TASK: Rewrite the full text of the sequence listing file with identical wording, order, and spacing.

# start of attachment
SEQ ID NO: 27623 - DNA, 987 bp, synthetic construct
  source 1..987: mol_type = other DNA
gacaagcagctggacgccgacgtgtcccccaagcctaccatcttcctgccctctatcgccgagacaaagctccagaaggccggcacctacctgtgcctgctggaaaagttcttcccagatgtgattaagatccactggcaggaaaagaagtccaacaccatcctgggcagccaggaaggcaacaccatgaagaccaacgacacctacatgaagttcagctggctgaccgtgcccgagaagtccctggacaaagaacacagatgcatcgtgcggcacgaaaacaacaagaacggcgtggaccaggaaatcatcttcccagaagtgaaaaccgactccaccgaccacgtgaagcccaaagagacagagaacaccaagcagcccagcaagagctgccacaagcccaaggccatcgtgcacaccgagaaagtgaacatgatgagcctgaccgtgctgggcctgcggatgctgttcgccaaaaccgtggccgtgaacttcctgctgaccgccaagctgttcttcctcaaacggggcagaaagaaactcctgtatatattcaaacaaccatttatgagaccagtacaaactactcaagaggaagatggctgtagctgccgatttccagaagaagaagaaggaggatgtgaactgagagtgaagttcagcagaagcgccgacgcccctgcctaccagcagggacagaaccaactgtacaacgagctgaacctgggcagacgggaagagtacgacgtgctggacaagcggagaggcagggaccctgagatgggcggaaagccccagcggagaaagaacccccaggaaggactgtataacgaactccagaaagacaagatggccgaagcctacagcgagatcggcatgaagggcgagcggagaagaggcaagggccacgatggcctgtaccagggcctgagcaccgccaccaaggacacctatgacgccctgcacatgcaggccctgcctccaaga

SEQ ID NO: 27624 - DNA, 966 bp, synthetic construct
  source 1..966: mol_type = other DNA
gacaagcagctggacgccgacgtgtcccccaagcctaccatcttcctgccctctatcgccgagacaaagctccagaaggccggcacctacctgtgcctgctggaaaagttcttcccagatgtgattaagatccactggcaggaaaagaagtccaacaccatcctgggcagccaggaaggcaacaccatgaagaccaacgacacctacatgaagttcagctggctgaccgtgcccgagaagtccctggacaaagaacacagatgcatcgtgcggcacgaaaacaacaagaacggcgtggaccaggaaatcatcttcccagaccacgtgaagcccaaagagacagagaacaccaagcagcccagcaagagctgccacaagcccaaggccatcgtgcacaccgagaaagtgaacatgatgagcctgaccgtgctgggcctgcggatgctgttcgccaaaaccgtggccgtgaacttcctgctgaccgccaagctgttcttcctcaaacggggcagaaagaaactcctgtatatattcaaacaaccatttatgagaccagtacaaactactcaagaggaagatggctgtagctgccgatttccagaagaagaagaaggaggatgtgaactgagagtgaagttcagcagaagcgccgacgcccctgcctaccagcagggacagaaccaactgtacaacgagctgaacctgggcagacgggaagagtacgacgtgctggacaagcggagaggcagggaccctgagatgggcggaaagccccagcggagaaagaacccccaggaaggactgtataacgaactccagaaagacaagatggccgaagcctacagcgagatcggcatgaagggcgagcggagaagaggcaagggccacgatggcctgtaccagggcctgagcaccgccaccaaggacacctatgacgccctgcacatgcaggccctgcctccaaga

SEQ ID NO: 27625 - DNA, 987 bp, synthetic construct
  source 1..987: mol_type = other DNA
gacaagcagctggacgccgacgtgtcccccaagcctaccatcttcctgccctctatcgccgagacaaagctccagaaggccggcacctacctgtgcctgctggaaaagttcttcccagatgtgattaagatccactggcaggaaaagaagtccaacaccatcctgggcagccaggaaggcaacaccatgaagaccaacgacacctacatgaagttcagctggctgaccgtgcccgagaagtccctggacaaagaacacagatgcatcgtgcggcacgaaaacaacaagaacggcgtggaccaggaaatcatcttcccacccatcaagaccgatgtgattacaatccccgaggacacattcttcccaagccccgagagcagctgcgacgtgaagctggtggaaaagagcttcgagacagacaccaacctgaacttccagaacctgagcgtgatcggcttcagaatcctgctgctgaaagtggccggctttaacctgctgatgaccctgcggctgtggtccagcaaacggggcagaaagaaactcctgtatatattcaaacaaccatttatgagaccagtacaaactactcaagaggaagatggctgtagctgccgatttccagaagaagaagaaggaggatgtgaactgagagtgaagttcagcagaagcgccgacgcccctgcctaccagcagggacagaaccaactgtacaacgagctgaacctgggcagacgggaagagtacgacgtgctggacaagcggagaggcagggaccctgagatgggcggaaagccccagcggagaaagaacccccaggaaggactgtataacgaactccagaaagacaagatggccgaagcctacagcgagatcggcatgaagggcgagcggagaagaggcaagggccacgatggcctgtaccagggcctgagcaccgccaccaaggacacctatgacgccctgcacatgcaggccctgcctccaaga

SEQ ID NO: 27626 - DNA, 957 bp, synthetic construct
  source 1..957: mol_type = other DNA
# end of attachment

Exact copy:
SEQ ID NO: 27623 - DNA, 987 bp, synthetic construct
  source 1..987: mol_type = other DNA
gacaagcagctggacgccgacgtgtcccccaagcctaccatcttcctgccctctatcgccgagacaaagctccagaaggccggcacctacctgtgcctgctggaaaagttcttcccagatgtgattaagatccactggcaggaaaagaagtccaacaccatcctgggcagccaggaaggcaacaccatgaagaccaacgacacctacatgaagttcagctggctgaccgtgcccgagaagtccctggacaaagaacacagatgcatcgtgcggcacgaaaacaacaagaacggcgtggaccaggaaatcatcttcccagaagtgaaaaccgactccaccgaccacgtgaagcccaaagagacagagaacaccaagcagcccagcaagagctgccacaagcccaaggccatcgtgcacaccgagaaagtgaacatgatgagcctgaccgtgctgggcctgcggatgctgttcgccaaaaccgtggccgtgaacttcctgctgaccgccaagctgttcttcctcaaacggggcagaaagaaactcctgtatatattcaaacaaccatttatgagaccagtacaaactactcaagaggaagatggctgtagctgccgatttccagaagaagaagaaggaggatgtgaactgagagtgaagttcagcagaagcgccgacgcccctgcctaccagcagggacagaaccaactgtacaacgagctgaacctgggcagacgggaagagtacgacgtgctggacaagcggagaggcagggaccctgagatgggcggaaagccccagcggagaaagaacccccaggaaggactgtataacgaactccagaaagacaagatggccgaagcctacagcgagatcggcatgaagggcgagcggagaagaggcaagggccacgatggcctgtaccagggcctgagcaccgccaccaaggacacctatgacgccctgcacatgcaggccctgcctccaaga

SEQ ID NO: 27624 - DNA, 966 bp, synthetic construct
  source 1..966: mol_type = other DNA
gacaagcagctggacgccgacgtgtcccccaagcctaccatcttcctgccctctatcgccgagacaaagctccagaaggccggcacctacctgtgcctgctggaaaagttcttcccagatgtgattaagatccactggcaggaaaagaagtccaacaccatcctgggcagccaggaaggcaacaccatgaagaccaacgacacctacatgaagttcagctggctgaccgtgcccgagaagtccctggacaaagaacacagatgcatcgtgcggcacgaaaacaacaagaacggcgtggaccaggaaatcatcttcccagaccacgtgaagcccaaagagacagagaacaccaagcagcccagcaagagctgccacaagcccaaggccatcgtgcacaccgagaaagtgaacatgatgagcctgaccgtgctgggcctgcggatgctgttcgccaaaaccgtggccgtgaacttcctgctgaccgccaagctgttcttcctcaaacggggcagaaagaaactcctgtatatattcaaacaaccatttatgagaccagtacaaactactcaagaggaagatggctgtagctgccgatttccagaagaagaagaaggaggatgtgaactgagagtgaagttcagcagaagcgccgacgcccctgcctaccagcagggacagaaccaactgtacaacgagctgaacctgggcagacgggaagagtacgacgtgctggacaagcggagaggcagggaccctgagatgggcggaaagccccagcggagaaagaacccccaggaaggactgtataacgaactccagaaagacaagatggccgaagcctacagcgagatcggcatgaagggcgagcggagaagaggcaagggccacgatggcctgtaccagggcctgagcaccgccaccaaggacacctatgacgccctgcacatgcaggccctgcctccaaga

SEQ ID NO: 27625 - DNA, 987 bp, synthetic construct
  source 1..987: mol_type = other DNA
gacaagcagctggacgccgacgtgtcccccaagcctaccatcttcctgccctctatcgccgagacaaagctccagaaggccggcacctacctgtgcctgctggaaaagttcttcccagatgtgattaagatccactggcaggaaaagaagtccaacaccatcctgggcagccaggaaggcaacaccatgaagaccaacgacacctacatgaagttcagctggctgaccgtgcccgagaagtccctggacaaagaacacagatgcatcgtgcggcacgaaaacaacaagaacggcgtggaccaggaaatcatcttcccacccatcaagaccgatgtgattacaatccccgaggacacattcttcccaagccccgagagcagctgcgacgtgaagctggtggaaaagagcttcgagacagacaccaacctgaacttccagaacctgagcgtgatcggcttcagaatcctgctgctgaaagtggccggctttaacctgctgatgaccctgcggctgtggtccagcaaacggggcagaaagaaactcctgtatatattcaaacaaccatttatgagaccagtacaaactactcaagaggaagatggctgtagctgccgatttccagaagaagaagaaggaggatgtgaactgagagtgaagttcagcagaagcgccgacgcccctgcctaccagcagggacagaaccaactgtacaacgagctgaacctgggcagacgggaagagtacgacgtgctggacaagcggagaggcagggaccctgagatgggcggaaagccccagcggagaaagaacccccaggaaggactgtataacgaactccagaaagacaagatggccgaagcctacagcgagatcggcatgaagggcgagcggagaagaggcaagggccacgatggcctgtaccagggcctgagcaccgccaccaaggacacctatgacgccctgcacatgcaggccctgcctccaaga

SEQ ID NO: 27626 - DNA, 957 bp, synthetic construct
  source 1..957: mol_type = other DNA